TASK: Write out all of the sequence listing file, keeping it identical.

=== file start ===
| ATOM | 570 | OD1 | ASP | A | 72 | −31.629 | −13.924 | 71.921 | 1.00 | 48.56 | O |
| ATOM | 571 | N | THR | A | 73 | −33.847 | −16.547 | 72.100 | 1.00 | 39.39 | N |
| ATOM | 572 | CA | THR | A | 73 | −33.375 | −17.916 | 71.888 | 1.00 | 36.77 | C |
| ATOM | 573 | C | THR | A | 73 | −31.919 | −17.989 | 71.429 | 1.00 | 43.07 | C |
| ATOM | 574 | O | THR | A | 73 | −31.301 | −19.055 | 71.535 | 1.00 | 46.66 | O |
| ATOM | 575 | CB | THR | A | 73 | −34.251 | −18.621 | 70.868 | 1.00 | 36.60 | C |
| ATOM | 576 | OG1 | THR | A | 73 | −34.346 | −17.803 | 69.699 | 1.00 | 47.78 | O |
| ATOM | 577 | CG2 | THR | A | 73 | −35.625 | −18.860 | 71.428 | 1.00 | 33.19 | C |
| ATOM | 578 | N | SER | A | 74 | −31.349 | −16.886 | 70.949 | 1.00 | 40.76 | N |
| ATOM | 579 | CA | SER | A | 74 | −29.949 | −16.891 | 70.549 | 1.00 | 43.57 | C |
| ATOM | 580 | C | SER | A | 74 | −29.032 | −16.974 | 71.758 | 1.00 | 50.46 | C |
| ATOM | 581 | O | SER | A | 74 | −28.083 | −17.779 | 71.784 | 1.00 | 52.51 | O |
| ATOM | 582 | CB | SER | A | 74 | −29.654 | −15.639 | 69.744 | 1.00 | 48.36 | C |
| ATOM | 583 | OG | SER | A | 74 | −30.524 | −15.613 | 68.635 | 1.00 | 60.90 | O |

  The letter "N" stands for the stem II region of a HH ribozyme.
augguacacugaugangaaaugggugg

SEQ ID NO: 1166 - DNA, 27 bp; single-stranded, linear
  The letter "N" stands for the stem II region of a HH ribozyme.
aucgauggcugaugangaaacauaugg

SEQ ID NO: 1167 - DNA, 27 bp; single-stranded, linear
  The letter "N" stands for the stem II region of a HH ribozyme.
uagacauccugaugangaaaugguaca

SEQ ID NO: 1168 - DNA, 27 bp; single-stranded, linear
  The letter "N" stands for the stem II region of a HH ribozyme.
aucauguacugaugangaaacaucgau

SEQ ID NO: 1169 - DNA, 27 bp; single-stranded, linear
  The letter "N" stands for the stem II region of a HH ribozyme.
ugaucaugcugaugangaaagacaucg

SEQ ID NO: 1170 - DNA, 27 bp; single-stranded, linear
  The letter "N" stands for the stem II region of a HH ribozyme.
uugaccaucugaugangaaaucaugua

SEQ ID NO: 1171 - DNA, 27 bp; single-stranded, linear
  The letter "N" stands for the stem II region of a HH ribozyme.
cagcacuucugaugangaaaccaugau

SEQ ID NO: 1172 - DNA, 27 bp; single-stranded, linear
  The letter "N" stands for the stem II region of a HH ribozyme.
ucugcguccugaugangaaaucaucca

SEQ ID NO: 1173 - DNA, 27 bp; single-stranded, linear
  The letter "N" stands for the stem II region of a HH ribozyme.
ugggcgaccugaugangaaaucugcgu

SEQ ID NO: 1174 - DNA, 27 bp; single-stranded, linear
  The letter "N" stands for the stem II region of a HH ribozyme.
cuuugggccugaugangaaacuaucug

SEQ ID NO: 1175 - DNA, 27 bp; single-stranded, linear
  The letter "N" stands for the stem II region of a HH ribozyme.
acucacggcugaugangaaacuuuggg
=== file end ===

| ATOM | 570 | OD1 | ASP | A | 72 | −31.629 | −13.924 | 71.921 | 1.00 | 48.56 | O |
| ATOM | 571 | N | THR | A | 73 | −33.847 | −16.547 | 72.100 | 1.00 | 39.39 | N |
| ATOM | 572 | CA | THR | A | 73 | −33.375 | −17.916 | 71.888 | 1.00 | 36.77 | C |
| ATOM | 573 | C | THR | A | 73 | −31.919 | −17.989 | 71.429 | 1.00 | 43.07 | C |
| ATOM | 574 | O | THR | A | 73 | −31.301 | −19.055 | 71.535 | 1.00 | 46.66 | O |
| ATOM | 575 | CB | THR | A | 73 | −34.251 | −18.621 | 70.868 | 1.00 | 36.60 | C |
| ATOM | 576 | OG1 | THR | A | 73 | −34.346 | −17.803 | 69.699 | 1.00 | 47.78 | O |
| ATOM | 577 | CG2 | THR | A | 73 | −35.625 | −18.860 | 71.428 | 1.00 | 33.19 | C |
| ATOM | 578 | N | SER | A | 74 | −31.349 | −16.886 | 70.949 | 1.00 | 40.76 | N |
| ATOM | 579 | CA | SER | A | 74 | −29.949 | −16.891 | 70.549 | 1.00 | 43.57 | C |
| ATOM | 580 | C | SER | A | 74 | −29.032 | −16.974 | 71.758 | 1.00 | 50.46 | C |
| ATOM | 581 | O | SER | A | 74 | −28.083 | −17.779 | 71.784 | 1.00 | 52.51 | O |
| ATOM | 582 | CB | SER | A | 74 | −29.654 | −15.639 | 69.744 | 1.00 | 48.36 | C |
| ATOM | 583 | OG | SER | A | 74 | −30.524 | −15.613 | 68.635 | 1.00 | 60.90 | O |

  The letter "N" stands for the stem II region of a HH ribozyme.
augguacacugaugangaaaugggugg

SEQ ID NO: 1166 - DNA, 27 bp; single-stranded, linear
  The letter "N" stands for the stem II region of a HH ribozyme.
aucgauggcugaugangaaacauaugg

SEQ ID NO: 1167 - DNA, 27 bp; single-stranded, linear
  The letter "N" stands for the stem II region of a HH ribozyme.
uagacauccugaugangaaaugguaca

SEQ ID NO: 1168 - DNA, 27 bp; single-stranded, linear
  The letter "N" stands for the stem II region of a HH ribozyme.
aucauguacugaugangaaacaucgau

SEQ ID NO: 1169 - DNA, 27 bp; single-stranded, linear
  The letter "N" stands for the stem II region of a HH ribozyme.
ugaucaugcugaugangaaagacaucg

SEQ ID NO: 1170 - DNA, 27 bp; single-stranded, linear
  The letter "N" stands for the stem II region of a HH ribozyme.
uugaccaucugaugangaaaucaugua

SEQ ID NO: 1171 - DNA, 27 bp; single-stranded, linear
  The letter "N" stands for the stem II region of a HH ribozyme.
cagcacuucugaugangaaaccaugau

SEQ ID NO: 1172 - DNA, 27 bp; single-stranded, linear
  The letter "N" stands for the stem II region of a HH ribozyme.
ucugcguccugaugangaaaucaucca

SEQ ID NO: 1173 - DNA, 27 bp; single-stranded, linear
  The letter "N" stands for the stem II region of a HH ribozyme.
ugggcgaccugaugangaaaucugcgu

SEQ ID NO: 1174 - DNA, 27 bp; single-stranded, linear
  The letter "N" stands for the stem II region of a HH ribozyme.
cuuugggccugaugangaaacuaucug

SEQ ID NO: 1175 - DNA, 27 bp; single-stranded, linear
  The letter "N" stands for the stem II region of a HH ribozyme.
acucacggcugaugangaaacuuuggg